“Today’s extremes could become tomorrow’s norms”
That’s the upshot of an ambitious study by the US Geological Survey, which would appear to affirm some dire predictions for California’s most important water system.
The study, authored by nearly a dozen scientists, is billed as “the first integrated assessment of how the Bay-Delta system will respond to climate change.” It’s presented as a “flash forward” to what California’s Sacramento-SanJoaquin Delta could become by the end of this century. It ran a series of nine indicators through multiple models to project trends in temperature, precipitation, salinity, runoff and sea level rise.
The result: Pretty much what climate scientists have been saying; that we’ll see “potentially longer dry seasons,” a shrinking Sierra snow pack and “earlier snowmelt leaving less water for runoff in the summer.”
“Our biggest reservoir in the state is our snowpack,” said Greg Zlotnick, who chairs the groundwater committee for the Association of California Water Agencies. “We’re going to get less snow, more rain, it’s going to run off more quickly, and that water will not be there late in the year.” Unfortunately, late in the year is when farms need it most for irrigation. Zlotnick says peak runoff has already shifted by about a month earlier in the season.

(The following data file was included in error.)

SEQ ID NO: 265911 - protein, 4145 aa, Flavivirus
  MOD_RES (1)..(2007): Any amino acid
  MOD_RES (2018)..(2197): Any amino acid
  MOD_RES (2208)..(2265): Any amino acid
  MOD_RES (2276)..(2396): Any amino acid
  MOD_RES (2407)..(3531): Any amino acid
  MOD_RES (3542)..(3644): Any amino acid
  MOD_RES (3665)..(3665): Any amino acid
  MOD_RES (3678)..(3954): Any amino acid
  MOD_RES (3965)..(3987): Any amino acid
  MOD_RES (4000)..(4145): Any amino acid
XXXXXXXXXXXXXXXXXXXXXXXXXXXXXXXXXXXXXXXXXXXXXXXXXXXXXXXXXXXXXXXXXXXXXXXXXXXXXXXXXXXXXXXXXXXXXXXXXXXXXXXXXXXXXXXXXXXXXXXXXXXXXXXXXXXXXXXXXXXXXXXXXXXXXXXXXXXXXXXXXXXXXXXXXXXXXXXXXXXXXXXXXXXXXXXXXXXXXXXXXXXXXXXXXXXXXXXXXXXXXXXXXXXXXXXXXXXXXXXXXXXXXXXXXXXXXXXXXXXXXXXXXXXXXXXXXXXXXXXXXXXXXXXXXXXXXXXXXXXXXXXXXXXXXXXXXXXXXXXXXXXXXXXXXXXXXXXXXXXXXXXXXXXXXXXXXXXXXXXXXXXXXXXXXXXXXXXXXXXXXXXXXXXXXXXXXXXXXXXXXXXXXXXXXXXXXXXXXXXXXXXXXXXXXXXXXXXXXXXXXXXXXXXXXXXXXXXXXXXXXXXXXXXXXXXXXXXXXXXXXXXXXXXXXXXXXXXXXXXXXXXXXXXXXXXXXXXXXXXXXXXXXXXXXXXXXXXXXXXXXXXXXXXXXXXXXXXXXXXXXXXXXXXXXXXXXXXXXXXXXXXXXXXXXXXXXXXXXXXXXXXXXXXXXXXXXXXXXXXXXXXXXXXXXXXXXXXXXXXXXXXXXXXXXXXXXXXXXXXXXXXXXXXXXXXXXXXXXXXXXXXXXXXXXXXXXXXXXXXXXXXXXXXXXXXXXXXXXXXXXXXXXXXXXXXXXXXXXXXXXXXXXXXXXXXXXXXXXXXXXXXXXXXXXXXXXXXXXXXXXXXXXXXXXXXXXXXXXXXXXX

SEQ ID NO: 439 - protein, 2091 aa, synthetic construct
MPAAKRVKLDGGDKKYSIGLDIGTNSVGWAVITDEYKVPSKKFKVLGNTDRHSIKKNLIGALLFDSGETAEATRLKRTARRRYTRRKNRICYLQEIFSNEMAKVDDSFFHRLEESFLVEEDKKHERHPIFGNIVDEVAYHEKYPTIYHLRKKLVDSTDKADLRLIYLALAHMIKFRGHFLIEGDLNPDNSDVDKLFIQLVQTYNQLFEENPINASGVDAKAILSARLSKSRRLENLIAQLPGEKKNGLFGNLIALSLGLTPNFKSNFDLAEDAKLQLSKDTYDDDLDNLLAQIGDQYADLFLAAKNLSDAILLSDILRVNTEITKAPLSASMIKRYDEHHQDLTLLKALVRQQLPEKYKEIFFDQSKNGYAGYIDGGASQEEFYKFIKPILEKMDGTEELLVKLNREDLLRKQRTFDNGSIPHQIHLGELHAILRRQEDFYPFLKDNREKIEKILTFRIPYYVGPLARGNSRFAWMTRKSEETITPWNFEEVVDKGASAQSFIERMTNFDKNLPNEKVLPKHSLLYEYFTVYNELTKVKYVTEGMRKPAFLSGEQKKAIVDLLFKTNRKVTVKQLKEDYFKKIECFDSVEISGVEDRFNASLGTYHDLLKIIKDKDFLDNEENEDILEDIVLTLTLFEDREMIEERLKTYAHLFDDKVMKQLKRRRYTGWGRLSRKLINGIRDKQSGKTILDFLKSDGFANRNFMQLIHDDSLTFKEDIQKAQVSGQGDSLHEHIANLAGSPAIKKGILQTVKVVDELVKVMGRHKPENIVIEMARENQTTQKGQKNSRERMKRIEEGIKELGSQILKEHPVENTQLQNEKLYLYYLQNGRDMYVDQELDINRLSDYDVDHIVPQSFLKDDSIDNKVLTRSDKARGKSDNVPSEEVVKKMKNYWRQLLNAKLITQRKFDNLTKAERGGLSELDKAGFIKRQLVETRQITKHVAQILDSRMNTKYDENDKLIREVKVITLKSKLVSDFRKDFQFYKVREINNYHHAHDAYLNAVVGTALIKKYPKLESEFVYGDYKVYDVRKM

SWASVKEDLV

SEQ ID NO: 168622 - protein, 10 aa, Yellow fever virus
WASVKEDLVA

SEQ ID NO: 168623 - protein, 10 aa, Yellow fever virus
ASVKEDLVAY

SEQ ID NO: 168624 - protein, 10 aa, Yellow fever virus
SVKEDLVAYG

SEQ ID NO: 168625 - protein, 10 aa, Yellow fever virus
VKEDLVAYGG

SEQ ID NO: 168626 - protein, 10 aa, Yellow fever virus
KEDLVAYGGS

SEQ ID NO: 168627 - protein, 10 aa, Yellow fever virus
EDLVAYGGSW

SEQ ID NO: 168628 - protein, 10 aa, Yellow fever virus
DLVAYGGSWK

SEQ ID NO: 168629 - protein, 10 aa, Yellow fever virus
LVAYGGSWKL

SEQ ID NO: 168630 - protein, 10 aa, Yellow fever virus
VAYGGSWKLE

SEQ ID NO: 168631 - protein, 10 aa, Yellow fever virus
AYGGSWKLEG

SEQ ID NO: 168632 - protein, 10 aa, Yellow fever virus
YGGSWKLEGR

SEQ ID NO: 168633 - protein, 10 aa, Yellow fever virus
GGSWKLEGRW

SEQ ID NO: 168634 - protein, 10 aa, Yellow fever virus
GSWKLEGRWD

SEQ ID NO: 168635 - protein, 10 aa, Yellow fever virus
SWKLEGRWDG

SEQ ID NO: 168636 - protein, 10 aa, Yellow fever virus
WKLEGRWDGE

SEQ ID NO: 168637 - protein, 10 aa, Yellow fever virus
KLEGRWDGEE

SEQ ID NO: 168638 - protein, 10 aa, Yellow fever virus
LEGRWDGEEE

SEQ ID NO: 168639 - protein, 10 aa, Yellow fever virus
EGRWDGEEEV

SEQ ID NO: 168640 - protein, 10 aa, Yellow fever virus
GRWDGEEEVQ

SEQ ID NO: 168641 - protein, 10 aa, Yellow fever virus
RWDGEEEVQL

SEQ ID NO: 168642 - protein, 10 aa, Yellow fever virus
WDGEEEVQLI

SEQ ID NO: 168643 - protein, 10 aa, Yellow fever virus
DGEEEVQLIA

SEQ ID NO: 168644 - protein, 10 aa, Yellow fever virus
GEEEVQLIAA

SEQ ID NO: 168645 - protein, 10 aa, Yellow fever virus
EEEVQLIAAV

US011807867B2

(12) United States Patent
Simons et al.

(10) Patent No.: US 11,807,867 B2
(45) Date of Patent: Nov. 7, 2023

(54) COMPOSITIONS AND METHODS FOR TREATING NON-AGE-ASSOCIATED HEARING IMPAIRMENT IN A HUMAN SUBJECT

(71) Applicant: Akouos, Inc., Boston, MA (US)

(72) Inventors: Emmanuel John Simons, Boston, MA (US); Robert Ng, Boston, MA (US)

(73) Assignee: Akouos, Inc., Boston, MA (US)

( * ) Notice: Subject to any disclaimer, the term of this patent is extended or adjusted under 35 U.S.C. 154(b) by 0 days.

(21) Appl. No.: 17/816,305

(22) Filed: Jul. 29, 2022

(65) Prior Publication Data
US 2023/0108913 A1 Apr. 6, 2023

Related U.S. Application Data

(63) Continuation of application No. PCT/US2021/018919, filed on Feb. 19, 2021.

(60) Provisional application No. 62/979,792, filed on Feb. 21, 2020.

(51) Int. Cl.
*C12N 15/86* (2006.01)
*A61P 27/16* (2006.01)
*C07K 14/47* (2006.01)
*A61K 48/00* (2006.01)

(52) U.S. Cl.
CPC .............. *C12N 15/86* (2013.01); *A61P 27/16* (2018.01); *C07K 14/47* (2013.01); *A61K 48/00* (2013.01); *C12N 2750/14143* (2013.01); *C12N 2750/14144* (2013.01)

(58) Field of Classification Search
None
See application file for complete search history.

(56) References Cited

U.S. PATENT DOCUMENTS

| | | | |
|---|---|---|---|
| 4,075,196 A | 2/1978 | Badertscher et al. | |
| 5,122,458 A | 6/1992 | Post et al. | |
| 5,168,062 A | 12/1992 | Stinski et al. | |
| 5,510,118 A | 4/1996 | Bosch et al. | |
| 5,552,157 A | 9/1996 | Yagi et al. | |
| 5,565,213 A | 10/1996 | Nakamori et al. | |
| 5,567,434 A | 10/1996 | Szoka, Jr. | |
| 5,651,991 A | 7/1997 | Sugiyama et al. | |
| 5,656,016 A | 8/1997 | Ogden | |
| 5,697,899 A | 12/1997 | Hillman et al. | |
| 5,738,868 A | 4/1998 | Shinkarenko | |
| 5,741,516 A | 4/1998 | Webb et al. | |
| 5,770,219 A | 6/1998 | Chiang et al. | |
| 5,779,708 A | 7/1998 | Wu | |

The study also tries to assess impacts from rising sea levels and increasing intrusion of salt water farther inland, and warned that “increased intensity and frequency of winter flooding could also occur as a result of earlier snowmelt and a shift from snow to rain.”
In a statement issued with the report, USGS Director Marcia McNutt called “protection” of California’s Bay-Delta system “a top priority for maintaining the state’s agricultural economy, water security to tens of millions of users, and essential habitat to a valuable ecosystem.”
Authors of the study ran their models under both rapid-and-moderate-warming scenarios developed by the UN’s climate panel. These yielded some differences in the outcomes. The authors write that those and other uncertainties in the process make it challenging for planners to respond to their projections. In their article for the open-access journal PLoS One, the researchers write that planners and risk managers “should anticipate shifts into regimes of environmental conditions unprecedented in the period of our social and economic development.”
In other words, the next 90 years will take us into pretty much unexplored territory.